Where depression and boredom flourish.

My flight from Mobile scrolls on the board, then just as quickly scrolls away. No sign of my luggage to be seen. Well, isn't this just wonderful. I go to baggage services, and they tell me "oh well it was offloaded so it'll be here shortly." 20 minutes later, I go back and they say "well sarrrr, we're on shift chaaaange, so it'll be a fewwwww, mmmkay?" Grrr, okay. Another 20 minutes goes by, I go up to the desk and ask them flat out if they lost my bag. She said another load came through the carousel and to go look. I searched through all 3 bags on the carousel, went back and said it wasn't there.

So I'm calm and collected, because what use is getting angry? It's only 90% of all of my clothes in the suitcase, is all. No biggie. They go through the unclaimed bags and it doesn't turn up. The lady is about to go file a claim report "and there's not much they can do after that until it turns up," when she suddenly ducks in a back office. She comes back with my suitcase, or what's left of it. The fabric is torn up, the plastic is all scratched up like they dropped it on the tarmac and a few planes landed on the thing, and the thing won't stand up straight. I thank her for finding it, and we start going to the door.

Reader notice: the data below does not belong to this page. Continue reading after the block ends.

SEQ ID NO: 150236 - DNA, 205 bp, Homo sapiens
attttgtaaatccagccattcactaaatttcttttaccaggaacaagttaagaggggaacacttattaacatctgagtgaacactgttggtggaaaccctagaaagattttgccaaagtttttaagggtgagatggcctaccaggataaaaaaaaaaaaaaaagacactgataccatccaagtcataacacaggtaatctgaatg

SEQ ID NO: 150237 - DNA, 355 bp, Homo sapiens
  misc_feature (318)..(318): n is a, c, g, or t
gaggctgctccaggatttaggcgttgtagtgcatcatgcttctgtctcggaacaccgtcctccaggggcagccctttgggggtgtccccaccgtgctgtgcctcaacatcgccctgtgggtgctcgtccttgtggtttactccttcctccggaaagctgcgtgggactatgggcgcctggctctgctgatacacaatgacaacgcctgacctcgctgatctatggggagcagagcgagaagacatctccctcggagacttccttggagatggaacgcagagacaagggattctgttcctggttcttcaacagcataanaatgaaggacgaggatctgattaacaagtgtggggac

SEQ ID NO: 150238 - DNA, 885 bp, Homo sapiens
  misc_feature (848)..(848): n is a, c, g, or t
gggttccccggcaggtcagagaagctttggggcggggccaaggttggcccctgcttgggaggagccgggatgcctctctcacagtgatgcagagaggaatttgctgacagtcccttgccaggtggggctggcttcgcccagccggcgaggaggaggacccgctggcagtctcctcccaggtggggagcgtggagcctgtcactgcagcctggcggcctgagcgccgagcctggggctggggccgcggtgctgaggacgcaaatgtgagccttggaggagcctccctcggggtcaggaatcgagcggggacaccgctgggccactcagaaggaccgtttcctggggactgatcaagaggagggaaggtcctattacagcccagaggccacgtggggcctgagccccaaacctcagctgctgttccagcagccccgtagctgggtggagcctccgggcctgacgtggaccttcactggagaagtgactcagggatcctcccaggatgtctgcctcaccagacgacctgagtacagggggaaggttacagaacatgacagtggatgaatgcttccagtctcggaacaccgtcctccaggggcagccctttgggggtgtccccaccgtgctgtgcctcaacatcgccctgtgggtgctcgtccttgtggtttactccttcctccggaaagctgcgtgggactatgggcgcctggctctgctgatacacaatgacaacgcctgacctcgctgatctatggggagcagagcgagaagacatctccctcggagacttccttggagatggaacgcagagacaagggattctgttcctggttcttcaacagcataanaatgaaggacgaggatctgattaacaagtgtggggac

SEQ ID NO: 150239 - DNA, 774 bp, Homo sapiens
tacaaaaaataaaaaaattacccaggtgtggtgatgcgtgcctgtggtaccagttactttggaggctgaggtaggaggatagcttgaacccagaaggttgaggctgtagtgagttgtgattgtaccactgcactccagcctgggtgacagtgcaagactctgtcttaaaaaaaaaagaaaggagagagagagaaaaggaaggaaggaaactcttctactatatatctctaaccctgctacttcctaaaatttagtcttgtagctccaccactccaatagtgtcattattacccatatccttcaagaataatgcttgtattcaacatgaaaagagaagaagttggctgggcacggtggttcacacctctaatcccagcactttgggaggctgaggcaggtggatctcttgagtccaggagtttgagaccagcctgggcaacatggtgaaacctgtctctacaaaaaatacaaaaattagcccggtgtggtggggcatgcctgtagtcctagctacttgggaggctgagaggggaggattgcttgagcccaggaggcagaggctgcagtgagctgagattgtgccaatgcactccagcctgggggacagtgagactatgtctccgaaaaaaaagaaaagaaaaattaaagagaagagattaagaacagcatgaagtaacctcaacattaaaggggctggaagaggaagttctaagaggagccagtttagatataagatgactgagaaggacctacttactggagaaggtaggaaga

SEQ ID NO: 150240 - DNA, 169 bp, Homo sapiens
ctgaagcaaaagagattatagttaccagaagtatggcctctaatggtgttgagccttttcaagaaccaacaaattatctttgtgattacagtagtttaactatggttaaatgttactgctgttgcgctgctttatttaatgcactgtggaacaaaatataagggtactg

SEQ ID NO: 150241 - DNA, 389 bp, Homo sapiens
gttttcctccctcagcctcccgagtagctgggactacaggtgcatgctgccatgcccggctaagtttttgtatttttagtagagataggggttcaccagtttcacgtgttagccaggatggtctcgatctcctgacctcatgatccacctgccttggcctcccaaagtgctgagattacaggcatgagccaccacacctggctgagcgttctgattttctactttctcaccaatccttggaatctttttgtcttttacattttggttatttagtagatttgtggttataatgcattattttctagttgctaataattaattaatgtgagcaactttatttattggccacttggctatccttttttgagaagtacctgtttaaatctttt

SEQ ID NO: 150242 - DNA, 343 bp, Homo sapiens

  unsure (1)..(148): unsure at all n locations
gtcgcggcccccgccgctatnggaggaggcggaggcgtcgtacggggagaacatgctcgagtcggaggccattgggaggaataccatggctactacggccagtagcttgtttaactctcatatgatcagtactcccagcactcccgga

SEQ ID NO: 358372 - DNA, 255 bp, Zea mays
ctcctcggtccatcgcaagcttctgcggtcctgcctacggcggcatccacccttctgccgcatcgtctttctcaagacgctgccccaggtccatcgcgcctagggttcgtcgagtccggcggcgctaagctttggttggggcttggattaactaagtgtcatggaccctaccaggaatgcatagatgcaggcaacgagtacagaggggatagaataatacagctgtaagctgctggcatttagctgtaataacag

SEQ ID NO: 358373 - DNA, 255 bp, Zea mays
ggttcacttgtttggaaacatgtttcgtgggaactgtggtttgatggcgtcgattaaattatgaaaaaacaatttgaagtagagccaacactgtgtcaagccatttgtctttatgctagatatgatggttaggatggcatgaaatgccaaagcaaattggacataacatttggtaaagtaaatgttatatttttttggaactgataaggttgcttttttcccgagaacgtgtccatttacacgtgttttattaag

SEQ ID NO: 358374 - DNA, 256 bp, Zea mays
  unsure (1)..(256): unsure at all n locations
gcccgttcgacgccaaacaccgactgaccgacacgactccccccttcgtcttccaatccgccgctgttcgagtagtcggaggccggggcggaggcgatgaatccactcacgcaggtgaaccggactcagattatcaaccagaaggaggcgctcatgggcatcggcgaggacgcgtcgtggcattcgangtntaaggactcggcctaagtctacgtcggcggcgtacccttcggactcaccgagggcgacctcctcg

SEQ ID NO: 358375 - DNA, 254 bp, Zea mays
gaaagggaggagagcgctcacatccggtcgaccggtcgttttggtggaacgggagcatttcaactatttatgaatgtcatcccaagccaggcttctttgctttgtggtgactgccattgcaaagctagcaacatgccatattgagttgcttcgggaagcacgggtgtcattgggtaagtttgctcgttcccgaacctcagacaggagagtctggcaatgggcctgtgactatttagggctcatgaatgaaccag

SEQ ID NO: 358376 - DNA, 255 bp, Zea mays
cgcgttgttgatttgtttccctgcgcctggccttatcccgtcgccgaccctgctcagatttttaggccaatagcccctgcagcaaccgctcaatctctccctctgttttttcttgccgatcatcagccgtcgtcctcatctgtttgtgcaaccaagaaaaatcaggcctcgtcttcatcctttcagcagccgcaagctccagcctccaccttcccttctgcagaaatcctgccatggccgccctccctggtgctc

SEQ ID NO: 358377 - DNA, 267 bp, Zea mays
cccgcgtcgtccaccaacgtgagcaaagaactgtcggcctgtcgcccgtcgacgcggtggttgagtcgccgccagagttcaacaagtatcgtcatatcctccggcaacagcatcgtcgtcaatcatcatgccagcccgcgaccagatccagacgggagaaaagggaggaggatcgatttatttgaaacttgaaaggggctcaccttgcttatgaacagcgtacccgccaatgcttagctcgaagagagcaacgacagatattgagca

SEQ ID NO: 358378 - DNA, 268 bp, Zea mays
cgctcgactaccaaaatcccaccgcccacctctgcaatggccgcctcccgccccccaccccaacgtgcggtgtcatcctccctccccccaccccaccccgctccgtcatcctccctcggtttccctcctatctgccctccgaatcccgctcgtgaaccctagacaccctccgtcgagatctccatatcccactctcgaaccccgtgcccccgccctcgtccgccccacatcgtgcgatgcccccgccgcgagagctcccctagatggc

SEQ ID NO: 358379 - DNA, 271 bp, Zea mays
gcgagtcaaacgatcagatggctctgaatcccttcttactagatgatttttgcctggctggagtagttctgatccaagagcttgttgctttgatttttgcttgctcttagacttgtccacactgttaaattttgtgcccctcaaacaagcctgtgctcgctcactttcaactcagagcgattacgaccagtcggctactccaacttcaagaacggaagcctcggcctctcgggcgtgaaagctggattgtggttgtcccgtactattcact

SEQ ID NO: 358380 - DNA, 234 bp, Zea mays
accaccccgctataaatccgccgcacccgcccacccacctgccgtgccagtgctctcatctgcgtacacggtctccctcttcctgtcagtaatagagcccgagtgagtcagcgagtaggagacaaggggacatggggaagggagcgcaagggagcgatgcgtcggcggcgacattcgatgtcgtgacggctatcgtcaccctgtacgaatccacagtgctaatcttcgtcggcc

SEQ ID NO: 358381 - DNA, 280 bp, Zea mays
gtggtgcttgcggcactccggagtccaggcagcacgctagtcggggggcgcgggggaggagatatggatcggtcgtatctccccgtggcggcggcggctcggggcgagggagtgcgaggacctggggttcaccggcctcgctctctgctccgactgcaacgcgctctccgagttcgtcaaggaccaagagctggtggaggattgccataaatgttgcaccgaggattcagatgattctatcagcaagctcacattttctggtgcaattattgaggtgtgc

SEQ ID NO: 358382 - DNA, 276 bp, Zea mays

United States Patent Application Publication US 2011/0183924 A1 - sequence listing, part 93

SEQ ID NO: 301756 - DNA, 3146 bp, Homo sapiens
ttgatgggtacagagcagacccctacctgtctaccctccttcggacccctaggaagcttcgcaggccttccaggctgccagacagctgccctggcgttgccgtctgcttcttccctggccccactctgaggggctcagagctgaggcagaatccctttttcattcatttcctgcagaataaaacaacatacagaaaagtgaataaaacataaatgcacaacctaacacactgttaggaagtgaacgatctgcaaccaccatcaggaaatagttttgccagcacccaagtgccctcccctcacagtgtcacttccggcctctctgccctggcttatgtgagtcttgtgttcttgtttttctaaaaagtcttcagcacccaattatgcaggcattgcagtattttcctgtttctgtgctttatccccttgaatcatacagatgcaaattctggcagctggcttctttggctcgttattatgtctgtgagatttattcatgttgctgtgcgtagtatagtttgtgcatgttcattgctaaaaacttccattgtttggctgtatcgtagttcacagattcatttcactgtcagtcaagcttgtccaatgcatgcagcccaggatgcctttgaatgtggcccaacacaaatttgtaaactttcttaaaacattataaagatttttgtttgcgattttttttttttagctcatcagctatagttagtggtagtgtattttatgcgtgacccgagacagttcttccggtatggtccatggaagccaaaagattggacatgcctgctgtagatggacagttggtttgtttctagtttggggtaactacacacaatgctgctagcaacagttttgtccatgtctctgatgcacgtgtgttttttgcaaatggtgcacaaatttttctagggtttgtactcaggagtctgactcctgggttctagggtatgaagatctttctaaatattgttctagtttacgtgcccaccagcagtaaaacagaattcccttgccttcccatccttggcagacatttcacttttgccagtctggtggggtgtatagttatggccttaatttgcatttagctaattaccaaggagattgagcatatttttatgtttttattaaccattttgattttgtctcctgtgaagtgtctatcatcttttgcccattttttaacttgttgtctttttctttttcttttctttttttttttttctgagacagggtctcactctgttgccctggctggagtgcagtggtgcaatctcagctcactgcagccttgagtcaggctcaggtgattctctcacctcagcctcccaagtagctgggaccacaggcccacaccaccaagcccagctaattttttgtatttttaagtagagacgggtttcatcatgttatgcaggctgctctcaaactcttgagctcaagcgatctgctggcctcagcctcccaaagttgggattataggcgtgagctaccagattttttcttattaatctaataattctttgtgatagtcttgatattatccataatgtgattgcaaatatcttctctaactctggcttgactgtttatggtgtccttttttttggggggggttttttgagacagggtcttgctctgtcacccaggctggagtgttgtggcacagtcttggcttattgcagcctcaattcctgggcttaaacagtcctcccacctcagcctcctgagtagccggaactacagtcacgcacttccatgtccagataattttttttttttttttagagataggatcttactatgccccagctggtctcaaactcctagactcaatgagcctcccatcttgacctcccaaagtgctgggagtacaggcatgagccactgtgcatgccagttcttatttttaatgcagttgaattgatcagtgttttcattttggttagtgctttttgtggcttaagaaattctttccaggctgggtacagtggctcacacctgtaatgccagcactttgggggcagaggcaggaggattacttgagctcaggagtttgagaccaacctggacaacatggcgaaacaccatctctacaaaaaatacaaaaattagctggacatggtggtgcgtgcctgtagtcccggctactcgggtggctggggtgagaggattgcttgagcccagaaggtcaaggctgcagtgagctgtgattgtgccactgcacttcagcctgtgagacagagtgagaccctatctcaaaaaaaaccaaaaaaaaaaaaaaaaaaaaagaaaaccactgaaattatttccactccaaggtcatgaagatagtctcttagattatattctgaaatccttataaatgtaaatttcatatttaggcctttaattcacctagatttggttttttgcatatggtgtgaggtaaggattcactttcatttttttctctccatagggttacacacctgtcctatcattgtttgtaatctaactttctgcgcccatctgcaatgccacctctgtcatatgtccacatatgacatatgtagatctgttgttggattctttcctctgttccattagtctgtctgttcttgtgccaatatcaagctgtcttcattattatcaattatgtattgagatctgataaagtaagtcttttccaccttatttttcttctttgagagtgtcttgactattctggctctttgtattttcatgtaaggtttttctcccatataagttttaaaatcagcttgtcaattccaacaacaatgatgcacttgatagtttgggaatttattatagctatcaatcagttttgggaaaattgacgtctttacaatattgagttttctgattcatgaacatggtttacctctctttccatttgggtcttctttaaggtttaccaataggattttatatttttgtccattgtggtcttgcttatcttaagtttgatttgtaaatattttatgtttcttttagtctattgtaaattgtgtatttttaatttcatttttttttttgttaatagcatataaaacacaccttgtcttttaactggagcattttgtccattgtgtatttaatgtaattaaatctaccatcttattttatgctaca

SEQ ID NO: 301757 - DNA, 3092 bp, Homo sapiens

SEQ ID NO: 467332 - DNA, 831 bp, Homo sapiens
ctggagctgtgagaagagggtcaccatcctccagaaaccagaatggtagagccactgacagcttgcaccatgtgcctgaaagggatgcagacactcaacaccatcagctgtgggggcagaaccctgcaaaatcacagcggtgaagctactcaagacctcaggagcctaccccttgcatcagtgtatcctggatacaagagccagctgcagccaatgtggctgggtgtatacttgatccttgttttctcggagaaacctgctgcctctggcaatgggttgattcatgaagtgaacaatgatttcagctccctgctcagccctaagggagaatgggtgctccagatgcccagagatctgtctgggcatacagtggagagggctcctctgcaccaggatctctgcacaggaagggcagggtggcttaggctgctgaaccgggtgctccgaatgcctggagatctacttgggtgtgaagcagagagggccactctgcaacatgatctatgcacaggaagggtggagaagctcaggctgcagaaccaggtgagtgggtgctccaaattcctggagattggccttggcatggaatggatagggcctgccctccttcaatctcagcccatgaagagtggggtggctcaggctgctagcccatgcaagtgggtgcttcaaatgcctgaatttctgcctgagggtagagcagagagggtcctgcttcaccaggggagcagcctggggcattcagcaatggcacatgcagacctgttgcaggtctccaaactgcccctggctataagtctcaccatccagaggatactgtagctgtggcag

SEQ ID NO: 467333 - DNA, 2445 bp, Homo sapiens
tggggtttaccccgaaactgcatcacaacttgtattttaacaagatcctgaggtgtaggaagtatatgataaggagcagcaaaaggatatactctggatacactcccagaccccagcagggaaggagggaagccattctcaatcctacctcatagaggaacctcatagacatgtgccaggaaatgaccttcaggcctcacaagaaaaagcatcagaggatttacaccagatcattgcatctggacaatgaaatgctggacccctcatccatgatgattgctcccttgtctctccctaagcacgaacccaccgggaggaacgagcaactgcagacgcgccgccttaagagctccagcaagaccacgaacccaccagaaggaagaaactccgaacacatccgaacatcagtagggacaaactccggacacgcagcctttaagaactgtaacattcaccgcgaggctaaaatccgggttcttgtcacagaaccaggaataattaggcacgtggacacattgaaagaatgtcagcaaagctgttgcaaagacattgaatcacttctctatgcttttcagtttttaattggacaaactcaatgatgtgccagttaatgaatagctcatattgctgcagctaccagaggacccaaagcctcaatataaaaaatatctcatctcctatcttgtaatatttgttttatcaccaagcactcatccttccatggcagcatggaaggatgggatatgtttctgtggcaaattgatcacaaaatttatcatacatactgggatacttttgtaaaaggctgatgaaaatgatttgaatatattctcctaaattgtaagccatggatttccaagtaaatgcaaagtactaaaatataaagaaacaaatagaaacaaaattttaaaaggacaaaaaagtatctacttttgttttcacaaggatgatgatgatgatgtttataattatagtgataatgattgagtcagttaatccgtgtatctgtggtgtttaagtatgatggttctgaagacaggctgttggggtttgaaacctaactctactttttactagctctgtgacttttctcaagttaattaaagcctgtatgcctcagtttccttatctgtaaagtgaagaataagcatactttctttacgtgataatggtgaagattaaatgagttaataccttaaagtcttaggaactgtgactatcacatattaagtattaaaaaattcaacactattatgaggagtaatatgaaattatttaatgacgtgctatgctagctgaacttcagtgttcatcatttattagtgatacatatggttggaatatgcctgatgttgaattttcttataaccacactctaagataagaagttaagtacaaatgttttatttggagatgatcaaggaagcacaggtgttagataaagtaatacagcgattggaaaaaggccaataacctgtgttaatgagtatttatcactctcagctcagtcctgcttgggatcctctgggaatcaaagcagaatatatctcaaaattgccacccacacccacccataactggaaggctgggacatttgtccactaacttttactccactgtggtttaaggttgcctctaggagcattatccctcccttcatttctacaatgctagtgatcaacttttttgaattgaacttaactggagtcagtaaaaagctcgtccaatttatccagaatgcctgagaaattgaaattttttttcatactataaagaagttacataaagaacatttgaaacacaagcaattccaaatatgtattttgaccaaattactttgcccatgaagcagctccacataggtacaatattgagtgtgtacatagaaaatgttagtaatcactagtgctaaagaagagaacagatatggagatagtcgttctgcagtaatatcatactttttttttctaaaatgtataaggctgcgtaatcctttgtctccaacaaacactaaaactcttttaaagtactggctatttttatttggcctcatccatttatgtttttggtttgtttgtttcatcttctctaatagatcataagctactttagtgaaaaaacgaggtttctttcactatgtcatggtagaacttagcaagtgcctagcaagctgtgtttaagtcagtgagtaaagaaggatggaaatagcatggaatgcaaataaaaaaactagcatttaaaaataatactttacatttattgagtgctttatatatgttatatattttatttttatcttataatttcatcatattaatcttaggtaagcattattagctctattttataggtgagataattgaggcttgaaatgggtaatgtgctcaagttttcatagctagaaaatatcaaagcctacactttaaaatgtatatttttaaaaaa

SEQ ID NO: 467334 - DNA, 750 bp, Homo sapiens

As we leave the airport, a TSA announcement came over the public address system. "Please do not leave your baggage with those you don't know..." and before she finished the sentence, I blurted out (at the top of my lungs) "Don't leave it with US Airways either! You'll never get the damn thing." I got a few chuckles from people standing in line, and we left the airport.

All in all, it wasn't a terrible experience. I got to take amazing pictures, but had to wait longer for my luggage than it took to fly there. That's flying, though. And I'll do it again in a heartbeat (I am next Sunday, actually).

Originally posted to El Blogo de Weatherdudeo on Sun Mar 13, 2011 at 12:33 PM PDT.

Also republished by State of the Skies and Community Spotlight.